If anyone had said 2 years ago that this race would be this tight, most of us would have told them to put down the crack pipe and check into rehab. I personally admitted to the possibility of a lot going wrong between then and now, but I was real confident. So in that respect this election is a bit of a let down.
2 years ago America was pretty inflamed over 9/11 still and Bush was like a superhero. It was a momentary rush to judgement by many who then had a few years to cool off and revert to norms, plus there was plenty of time for things to go wrong and for the democratic spin machine to get up to speed and start chipping away. So the end result is that people voted on the basis of what they always vote on, personal prosperity, and confidence in the candidate on their key platform positions.
Bush appears to have secured a popular vote victory as well as an electoral victory. This is a clear improvement over 2000 and the last time it was accomplished was when his father won office. Bill Clinton never achieved a popular majority.
Republicans are looking to gain 4 Senate Seats and some House seats as well, further extending their control over the Congress. This will enable GWB to push more appointees to the federal courts and possibly replace Rhenquist and O'Conner on the Supreme Court and perhaps one or two others. Coolness.
The liberal gambit of forcing the gay marriage issue in the courts forced the issue to the forefront and people began voting on it, defeating it wherever it reared its ugly head.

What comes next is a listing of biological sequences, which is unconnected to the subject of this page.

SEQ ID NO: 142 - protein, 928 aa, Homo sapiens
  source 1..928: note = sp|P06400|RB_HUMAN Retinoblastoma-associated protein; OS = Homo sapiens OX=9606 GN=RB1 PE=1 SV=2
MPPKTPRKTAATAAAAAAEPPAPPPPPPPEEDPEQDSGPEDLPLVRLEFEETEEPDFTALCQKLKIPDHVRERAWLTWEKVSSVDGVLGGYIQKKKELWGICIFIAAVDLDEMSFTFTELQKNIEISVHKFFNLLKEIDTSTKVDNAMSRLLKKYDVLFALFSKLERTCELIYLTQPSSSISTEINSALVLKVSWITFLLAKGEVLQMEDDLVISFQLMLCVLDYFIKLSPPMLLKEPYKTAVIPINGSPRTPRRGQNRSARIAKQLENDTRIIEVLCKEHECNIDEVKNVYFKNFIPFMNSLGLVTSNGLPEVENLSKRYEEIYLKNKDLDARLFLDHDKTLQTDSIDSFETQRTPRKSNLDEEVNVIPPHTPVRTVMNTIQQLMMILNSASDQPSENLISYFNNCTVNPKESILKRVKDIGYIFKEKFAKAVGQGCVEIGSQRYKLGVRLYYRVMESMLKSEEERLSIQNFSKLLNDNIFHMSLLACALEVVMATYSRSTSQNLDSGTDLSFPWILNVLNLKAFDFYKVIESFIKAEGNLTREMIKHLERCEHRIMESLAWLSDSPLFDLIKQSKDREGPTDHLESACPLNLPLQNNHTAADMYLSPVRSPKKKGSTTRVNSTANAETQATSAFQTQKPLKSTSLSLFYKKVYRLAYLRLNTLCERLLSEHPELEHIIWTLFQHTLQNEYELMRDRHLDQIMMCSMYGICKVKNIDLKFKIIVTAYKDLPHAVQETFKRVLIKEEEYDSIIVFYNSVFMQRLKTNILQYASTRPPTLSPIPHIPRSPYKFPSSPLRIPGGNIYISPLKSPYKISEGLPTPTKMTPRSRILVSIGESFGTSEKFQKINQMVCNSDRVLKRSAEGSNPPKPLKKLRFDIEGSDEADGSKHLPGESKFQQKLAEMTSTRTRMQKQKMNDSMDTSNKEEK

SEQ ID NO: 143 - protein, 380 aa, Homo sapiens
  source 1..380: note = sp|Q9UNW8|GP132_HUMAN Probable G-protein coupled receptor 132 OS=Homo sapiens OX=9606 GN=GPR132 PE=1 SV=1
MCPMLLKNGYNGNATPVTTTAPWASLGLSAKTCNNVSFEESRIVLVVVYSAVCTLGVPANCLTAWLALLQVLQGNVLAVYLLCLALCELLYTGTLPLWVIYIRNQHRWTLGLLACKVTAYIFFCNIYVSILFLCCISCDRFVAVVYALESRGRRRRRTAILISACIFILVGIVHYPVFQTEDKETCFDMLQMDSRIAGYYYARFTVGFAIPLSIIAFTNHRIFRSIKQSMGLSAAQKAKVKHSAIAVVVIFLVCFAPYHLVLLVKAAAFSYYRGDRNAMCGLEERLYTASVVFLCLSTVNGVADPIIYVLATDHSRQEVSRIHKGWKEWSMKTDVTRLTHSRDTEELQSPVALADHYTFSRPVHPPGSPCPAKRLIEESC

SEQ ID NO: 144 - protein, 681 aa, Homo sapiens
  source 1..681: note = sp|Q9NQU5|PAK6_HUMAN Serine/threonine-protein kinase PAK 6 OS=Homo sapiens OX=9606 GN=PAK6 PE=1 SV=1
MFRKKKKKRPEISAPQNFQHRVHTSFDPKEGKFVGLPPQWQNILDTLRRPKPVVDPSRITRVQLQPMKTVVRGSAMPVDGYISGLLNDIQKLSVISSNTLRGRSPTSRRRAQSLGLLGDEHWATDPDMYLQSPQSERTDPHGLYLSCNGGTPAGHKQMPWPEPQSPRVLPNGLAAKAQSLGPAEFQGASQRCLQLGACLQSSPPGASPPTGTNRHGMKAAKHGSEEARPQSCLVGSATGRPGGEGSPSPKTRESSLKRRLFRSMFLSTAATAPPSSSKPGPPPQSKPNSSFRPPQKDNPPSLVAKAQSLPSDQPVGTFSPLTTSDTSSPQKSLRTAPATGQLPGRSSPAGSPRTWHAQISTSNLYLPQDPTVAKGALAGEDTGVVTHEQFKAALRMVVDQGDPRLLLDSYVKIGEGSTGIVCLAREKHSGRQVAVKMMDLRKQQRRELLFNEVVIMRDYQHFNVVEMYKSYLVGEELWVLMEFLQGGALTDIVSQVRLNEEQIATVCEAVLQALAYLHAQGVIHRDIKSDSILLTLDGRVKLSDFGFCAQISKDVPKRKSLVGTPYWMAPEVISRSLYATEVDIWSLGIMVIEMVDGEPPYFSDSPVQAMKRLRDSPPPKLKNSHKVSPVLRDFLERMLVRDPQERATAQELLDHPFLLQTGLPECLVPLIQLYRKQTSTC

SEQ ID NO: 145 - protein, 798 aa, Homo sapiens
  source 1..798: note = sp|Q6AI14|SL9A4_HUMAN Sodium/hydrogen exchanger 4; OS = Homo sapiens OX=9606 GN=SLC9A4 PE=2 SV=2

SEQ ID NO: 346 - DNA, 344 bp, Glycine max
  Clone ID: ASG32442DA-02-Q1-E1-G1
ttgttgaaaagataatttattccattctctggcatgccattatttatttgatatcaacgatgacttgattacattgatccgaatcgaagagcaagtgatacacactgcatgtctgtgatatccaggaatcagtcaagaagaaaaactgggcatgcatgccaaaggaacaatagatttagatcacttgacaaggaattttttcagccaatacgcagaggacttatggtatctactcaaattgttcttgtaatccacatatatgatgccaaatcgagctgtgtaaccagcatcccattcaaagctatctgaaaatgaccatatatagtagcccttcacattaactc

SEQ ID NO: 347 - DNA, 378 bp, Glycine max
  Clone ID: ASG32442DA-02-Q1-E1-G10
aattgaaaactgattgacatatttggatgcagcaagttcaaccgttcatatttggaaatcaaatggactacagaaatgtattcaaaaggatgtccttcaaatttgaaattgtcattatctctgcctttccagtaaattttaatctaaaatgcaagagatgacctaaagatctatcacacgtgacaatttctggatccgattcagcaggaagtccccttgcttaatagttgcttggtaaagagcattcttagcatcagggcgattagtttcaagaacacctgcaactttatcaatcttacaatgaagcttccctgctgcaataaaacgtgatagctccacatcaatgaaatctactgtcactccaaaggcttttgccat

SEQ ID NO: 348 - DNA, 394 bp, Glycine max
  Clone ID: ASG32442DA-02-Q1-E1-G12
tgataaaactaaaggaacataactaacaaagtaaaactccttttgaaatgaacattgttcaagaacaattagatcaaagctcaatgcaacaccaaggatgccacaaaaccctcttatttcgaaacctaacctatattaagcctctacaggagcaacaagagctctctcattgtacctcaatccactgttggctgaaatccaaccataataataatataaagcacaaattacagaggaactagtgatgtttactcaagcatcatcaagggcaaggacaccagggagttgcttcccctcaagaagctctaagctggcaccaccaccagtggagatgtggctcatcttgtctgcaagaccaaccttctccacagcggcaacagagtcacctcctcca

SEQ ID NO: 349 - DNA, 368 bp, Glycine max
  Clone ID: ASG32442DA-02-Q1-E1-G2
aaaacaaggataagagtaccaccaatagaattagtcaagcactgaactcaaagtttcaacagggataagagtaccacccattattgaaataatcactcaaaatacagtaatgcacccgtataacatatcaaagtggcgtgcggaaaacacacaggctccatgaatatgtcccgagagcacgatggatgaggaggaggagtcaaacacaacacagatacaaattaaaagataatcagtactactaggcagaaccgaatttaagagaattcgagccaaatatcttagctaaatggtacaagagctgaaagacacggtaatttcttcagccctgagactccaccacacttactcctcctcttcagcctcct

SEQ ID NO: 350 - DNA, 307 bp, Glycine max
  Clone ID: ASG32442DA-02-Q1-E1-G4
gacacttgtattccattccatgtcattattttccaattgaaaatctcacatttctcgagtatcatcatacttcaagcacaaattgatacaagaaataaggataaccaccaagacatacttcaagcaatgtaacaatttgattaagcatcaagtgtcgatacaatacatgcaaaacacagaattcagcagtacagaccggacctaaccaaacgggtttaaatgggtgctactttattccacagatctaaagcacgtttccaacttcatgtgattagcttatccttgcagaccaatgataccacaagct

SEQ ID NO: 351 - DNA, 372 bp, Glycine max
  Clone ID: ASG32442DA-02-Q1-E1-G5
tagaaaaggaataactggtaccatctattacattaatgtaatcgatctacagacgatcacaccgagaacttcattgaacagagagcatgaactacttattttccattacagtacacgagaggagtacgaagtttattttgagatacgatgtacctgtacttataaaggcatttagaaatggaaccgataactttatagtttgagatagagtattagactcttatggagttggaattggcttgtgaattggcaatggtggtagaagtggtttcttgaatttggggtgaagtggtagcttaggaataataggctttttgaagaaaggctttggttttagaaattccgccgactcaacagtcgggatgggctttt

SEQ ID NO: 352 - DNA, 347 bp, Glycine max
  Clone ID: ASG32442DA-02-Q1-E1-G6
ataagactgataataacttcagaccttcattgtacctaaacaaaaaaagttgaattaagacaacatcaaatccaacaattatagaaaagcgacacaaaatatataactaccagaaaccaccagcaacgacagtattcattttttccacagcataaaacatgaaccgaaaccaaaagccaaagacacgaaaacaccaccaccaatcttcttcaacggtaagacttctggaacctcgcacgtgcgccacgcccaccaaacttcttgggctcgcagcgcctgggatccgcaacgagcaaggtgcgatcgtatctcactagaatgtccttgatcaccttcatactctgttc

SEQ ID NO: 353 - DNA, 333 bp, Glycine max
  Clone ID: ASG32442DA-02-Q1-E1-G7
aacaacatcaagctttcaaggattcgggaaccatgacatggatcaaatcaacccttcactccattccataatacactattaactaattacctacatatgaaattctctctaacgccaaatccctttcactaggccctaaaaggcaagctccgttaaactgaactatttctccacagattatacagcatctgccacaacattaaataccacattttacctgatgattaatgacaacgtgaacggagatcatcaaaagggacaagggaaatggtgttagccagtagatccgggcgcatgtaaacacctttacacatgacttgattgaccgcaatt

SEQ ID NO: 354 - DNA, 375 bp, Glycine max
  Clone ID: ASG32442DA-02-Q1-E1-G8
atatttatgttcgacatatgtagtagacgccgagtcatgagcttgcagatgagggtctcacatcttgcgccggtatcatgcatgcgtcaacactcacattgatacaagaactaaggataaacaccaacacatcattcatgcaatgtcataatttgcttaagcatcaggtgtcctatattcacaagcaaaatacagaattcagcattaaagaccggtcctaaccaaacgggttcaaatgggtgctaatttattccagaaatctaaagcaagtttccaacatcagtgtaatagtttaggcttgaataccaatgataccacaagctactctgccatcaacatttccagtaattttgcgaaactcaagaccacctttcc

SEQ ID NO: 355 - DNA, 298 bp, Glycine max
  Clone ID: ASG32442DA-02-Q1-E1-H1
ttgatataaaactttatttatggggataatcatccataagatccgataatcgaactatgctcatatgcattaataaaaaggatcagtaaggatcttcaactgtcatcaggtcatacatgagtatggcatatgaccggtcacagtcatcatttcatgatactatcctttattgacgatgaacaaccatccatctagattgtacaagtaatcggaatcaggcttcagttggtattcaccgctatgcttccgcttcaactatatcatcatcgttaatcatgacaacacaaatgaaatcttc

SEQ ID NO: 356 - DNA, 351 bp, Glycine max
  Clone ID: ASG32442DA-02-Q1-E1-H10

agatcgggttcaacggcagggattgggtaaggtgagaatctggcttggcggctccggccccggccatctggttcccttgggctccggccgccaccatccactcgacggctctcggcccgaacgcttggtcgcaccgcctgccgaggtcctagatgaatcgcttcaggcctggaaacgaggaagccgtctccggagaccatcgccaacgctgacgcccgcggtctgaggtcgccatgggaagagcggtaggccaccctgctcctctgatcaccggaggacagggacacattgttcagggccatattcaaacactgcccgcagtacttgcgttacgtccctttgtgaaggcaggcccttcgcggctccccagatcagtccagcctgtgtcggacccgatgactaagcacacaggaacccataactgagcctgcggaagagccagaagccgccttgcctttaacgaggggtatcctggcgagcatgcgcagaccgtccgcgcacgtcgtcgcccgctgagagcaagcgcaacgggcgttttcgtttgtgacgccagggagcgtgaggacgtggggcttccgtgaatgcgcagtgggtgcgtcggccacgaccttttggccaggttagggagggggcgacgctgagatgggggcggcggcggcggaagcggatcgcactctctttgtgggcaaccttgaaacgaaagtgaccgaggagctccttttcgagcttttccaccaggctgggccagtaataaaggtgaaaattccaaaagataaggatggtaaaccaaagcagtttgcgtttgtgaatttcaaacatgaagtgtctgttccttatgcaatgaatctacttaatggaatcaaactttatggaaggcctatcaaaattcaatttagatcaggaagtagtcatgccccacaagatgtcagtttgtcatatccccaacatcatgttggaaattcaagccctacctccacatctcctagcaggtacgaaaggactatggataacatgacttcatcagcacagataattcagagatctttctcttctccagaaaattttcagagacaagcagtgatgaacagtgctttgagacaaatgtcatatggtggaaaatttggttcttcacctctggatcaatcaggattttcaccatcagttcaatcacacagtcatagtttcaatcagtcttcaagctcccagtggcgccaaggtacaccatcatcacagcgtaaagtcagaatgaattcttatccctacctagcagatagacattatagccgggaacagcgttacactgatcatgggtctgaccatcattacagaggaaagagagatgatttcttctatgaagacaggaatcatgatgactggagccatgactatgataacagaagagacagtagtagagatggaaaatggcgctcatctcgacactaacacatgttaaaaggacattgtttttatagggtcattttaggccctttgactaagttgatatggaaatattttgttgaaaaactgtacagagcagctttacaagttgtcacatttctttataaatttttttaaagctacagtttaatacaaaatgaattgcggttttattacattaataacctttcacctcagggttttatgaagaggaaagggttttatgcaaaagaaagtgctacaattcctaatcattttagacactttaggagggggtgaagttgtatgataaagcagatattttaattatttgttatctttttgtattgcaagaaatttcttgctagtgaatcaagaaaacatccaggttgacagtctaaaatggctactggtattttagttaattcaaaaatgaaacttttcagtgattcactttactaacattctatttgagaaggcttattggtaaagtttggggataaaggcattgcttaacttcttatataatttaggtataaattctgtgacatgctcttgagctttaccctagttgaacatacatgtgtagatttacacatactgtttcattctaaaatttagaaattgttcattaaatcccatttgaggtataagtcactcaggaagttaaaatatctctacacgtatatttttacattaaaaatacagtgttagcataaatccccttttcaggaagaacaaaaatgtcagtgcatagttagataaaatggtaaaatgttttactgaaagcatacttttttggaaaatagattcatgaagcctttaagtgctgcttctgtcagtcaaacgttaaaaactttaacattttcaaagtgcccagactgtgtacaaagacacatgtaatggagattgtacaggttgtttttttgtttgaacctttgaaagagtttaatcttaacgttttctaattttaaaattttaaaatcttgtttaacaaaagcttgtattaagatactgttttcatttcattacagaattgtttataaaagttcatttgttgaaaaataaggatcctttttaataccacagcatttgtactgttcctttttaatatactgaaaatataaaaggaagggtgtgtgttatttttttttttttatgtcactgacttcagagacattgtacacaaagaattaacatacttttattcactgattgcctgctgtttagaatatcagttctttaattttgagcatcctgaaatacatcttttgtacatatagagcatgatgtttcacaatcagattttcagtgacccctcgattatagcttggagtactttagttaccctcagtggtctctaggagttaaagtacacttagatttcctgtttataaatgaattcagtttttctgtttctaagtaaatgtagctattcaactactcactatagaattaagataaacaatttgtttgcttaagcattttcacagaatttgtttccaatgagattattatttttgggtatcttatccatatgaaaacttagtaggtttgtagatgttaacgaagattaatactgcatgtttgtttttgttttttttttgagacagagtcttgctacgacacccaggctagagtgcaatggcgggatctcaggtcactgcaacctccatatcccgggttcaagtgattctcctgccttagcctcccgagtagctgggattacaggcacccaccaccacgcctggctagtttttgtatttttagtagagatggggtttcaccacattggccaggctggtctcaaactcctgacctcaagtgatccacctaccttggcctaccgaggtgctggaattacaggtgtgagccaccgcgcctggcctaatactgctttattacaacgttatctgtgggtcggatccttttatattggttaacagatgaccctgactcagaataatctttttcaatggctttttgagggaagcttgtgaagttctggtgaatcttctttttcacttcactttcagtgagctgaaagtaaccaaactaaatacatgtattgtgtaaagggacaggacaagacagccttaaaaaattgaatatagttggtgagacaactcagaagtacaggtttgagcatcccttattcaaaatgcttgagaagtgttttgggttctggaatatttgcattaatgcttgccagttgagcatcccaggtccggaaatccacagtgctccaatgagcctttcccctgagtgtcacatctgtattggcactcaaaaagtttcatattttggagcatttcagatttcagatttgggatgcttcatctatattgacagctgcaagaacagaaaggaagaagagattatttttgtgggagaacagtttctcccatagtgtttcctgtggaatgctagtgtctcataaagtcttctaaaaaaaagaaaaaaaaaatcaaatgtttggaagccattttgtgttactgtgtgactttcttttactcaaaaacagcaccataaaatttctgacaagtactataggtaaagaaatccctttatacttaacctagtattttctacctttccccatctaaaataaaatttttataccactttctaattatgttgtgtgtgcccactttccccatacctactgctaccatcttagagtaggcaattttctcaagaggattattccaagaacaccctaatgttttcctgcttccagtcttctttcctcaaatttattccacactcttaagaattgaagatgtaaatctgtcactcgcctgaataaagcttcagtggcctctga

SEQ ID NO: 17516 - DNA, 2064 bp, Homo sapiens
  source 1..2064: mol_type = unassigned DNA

Voter turn out was very, very high. Despite this Bush gained popular ground. So the excitement of this race was consisteant between the candidates, parties and philosophies. This runs counter to the historical fact of high turn out favoring the challenger.
Lots of new voter registrants who just plain failed to turn out to actually vote. But new registrants that did turn out voted consistently with the national polls. National polls based on those most likely to vote remained accurate.
What does it all really mean?
Despite the contentiousness of the race, America is shifting slowly to the right. It's still very moderate and some regions are solidly in the liberal leaning side of things. New Hampshire and Maine have suffered under massive influxes of people from Massachusetts who bring their values (or lack of them) with them. THis is changing the political landscapes in these states, but by contrast, traditional Southern Democrats are shifting the the Republican ticket turning the South, Southwest, Midwest and Mountain regions into fairly solid bulwarks of at least moderate conservatism effectively balancing the urbanized coasts.
The bottom line appears to be that America is moderating politically and rejecting the radicalism of the left.
The election doesn't signal a clear mandate for The President, but it does signal a strengthening of support for him and the policies of the Republicans over the extended timeframe. Very cool.